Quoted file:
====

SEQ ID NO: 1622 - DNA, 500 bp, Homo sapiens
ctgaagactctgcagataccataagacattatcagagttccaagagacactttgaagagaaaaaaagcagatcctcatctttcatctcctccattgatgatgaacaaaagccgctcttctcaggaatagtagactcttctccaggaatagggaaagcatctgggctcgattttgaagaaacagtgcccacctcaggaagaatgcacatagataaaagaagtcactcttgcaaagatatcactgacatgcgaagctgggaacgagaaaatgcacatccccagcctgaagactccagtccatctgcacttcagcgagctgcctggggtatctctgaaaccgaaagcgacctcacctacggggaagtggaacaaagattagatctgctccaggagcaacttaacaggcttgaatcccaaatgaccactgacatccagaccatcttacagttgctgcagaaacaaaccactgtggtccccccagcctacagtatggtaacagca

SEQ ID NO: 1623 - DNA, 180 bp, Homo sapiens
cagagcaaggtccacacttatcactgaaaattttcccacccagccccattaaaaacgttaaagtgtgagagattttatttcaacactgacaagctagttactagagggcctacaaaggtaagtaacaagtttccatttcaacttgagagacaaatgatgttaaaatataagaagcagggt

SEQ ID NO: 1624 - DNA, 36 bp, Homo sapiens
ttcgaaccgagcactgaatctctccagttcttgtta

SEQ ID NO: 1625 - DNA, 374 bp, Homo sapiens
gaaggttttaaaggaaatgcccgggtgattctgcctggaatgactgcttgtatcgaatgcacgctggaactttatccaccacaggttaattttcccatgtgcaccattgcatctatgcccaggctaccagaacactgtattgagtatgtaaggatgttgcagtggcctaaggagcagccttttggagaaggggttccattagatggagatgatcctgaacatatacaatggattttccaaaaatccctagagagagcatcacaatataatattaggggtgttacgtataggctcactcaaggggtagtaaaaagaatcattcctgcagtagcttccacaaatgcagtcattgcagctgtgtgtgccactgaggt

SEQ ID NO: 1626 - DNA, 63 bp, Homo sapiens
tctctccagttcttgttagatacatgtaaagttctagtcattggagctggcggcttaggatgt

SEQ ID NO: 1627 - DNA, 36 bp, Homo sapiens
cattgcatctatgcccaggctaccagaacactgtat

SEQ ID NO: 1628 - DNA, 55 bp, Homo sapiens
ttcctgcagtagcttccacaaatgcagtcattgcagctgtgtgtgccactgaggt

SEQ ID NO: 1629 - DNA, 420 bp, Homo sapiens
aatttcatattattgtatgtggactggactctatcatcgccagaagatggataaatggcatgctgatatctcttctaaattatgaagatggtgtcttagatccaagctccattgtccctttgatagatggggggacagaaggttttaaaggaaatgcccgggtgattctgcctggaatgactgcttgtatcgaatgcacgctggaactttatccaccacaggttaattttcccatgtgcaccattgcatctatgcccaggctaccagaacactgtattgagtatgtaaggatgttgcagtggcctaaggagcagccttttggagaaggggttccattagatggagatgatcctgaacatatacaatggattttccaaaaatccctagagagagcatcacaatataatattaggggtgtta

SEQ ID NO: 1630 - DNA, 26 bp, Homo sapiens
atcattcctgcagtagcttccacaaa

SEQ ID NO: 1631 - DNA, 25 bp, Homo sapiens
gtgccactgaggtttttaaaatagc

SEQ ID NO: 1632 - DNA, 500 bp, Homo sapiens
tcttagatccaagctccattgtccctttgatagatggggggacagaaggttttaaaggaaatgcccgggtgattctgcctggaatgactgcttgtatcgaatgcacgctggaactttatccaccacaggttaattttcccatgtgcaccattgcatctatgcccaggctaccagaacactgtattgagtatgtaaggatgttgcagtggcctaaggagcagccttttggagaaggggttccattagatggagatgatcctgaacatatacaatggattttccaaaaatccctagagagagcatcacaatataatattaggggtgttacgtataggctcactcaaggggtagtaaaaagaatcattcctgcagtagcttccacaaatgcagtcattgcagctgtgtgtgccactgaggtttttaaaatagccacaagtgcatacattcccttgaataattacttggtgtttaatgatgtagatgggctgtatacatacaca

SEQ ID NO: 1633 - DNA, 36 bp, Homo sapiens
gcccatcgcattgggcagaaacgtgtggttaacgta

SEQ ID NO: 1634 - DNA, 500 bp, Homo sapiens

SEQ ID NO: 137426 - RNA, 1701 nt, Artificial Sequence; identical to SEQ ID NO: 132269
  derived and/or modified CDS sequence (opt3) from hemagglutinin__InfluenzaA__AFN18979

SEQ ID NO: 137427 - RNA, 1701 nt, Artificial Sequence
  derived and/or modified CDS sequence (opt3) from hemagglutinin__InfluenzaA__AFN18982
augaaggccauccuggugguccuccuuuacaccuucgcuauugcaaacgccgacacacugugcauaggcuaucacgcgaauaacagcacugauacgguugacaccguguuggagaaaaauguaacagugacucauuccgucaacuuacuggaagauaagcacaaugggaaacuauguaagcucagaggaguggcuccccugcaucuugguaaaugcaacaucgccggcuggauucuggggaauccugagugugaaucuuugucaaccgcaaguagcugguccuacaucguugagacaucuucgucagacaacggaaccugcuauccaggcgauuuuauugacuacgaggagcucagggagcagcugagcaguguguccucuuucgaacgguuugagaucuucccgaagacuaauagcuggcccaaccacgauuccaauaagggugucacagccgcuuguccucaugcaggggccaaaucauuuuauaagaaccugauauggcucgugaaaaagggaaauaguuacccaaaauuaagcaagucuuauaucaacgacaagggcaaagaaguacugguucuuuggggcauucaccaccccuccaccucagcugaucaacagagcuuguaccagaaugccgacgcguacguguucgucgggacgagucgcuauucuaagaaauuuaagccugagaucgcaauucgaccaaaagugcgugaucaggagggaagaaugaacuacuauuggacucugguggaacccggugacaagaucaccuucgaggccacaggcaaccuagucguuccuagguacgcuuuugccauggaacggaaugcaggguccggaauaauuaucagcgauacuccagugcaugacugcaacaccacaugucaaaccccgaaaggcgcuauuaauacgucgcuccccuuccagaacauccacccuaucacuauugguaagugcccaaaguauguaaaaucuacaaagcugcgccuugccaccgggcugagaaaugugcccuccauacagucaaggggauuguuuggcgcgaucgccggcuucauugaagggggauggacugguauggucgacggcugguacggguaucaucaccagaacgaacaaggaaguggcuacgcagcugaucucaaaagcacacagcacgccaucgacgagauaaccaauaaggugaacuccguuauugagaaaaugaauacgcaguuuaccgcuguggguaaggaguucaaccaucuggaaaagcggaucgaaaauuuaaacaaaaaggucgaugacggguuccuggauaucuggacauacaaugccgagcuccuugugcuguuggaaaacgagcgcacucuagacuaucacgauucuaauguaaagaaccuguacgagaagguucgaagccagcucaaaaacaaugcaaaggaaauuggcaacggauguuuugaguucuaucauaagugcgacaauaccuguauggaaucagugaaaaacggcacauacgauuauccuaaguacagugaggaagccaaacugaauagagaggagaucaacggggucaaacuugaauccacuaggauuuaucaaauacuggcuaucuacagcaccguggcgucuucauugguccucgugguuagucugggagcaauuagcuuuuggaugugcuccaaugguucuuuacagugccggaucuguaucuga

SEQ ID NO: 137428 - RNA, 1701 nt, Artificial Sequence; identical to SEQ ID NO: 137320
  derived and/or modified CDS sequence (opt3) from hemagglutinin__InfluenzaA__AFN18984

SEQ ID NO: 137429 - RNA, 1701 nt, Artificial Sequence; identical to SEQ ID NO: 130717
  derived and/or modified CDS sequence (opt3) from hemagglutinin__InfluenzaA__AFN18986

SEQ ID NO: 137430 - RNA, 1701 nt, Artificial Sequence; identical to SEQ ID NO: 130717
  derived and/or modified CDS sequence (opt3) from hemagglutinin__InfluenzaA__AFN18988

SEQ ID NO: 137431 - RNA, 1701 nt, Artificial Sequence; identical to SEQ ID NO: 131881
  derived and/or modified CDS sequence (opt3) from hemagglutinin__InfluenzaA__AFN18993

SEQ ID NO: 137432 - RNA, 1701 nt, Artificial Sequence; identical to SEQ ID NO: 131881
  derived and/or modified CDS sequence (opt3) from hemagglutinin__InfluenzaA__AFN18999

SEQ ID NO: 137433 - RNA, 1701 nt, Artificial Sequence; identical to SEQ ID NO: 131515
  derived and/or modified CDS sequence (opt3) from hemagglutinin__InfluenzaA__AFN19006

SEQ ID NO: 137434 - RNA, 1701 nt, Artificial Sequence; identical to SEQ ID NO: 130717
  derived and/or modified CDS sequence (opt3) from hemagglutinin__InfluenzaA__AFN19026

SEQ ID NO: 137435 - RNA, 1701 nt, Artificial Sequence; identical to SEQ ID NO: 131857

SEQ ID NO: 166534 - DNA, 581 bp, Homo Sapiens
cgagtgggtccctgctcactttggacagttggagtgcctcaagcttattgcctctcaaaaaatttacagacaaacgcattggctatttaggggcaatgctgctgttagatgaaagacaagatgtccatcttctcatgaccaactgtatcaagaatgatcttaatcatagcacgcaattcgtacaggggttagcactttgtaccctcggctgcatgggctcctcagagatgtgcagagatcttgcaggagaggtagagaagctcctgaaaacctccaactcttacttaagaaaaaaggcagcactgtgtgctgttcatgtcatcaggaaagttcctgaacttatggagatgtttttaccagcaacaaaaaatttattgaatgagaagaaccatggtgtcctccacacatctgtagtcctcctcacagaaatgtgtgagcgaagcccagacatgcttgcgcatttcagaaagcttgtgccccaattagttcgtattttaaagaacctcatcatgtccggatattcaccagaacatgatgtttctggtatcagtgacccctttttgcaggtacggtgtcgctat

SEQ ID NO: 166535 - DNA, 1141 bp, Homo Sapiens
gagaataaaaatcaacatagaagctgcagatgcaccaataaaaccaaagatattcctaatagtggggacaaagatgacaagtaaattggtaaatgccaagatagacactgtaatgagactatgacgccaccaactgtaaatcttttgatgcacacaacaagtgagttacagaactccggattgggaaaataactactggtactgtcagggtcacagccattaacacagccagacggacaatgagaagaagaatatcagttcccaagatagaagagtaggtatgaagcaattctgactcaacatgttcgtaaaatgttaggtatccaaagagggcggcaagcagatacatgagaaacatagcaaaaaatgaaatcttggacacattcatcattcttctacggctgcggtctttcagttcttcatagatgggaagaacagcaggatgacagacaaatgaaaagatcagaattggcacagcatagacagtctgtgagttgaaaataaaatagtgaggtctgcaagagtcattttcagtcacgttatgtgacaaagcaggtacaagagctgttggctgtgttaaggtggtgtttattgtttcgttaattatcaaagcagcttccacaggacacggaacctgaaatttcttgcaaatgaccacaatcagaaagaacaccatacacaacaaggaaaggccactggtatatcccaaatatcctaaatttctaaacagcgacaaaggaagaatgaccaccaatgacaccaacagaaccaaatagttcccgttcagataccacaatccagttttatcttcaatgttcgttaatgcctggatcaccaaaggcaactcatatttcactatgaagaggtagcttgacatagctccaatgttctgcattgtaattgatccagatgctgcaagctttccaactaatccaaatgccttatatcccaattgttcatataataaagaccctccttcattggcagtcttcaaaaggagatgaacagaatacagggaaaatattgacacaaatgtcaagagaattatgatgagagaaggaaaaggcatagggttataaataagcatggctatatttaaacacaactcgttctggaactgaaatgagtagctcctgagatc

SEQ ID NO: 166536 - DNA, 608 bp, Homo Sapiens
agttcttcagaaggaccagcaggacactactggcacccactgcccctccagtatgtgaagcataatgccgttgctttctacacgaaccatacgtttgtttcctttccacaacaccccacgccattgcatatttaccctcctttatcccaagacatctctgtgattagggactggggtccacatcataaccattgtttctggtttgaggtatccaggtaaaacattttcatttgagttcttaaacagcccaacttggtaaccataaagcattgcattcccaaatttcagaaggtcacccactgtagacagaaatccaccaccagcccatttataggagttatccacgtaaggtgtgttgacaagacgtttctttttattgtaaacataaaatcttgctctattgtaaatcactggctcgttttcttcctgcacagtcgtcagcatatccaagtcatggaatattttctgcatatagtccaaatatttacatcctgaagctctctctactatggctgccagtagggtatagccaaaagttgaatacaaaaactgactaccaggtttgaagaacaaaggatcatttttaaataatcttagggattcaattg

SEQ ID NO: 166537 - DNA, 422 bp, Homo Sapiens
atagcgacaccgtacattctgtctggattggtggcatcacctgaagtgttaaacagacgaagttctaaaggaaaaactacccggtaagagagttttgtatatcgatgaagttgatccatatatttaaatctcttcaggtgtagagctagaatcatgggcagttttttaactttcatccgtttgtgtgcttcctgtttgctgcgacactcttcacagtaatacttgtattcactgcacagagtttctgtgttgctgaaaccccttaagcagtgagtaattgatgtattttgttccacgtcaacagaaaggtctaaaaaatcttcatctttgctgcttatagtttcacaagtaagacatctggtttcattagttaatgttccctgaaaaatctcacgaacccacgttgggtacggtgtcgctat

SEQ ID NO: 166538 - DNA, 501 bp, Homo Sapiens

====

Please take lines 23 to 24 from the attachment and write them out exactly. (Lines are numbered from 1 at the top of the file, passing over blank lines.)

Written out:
SEQ ID NO: 1633 - DNA, 36 bp, Homo sapiens
gcccatcgcattgggcagaaacgtgtggttaacgta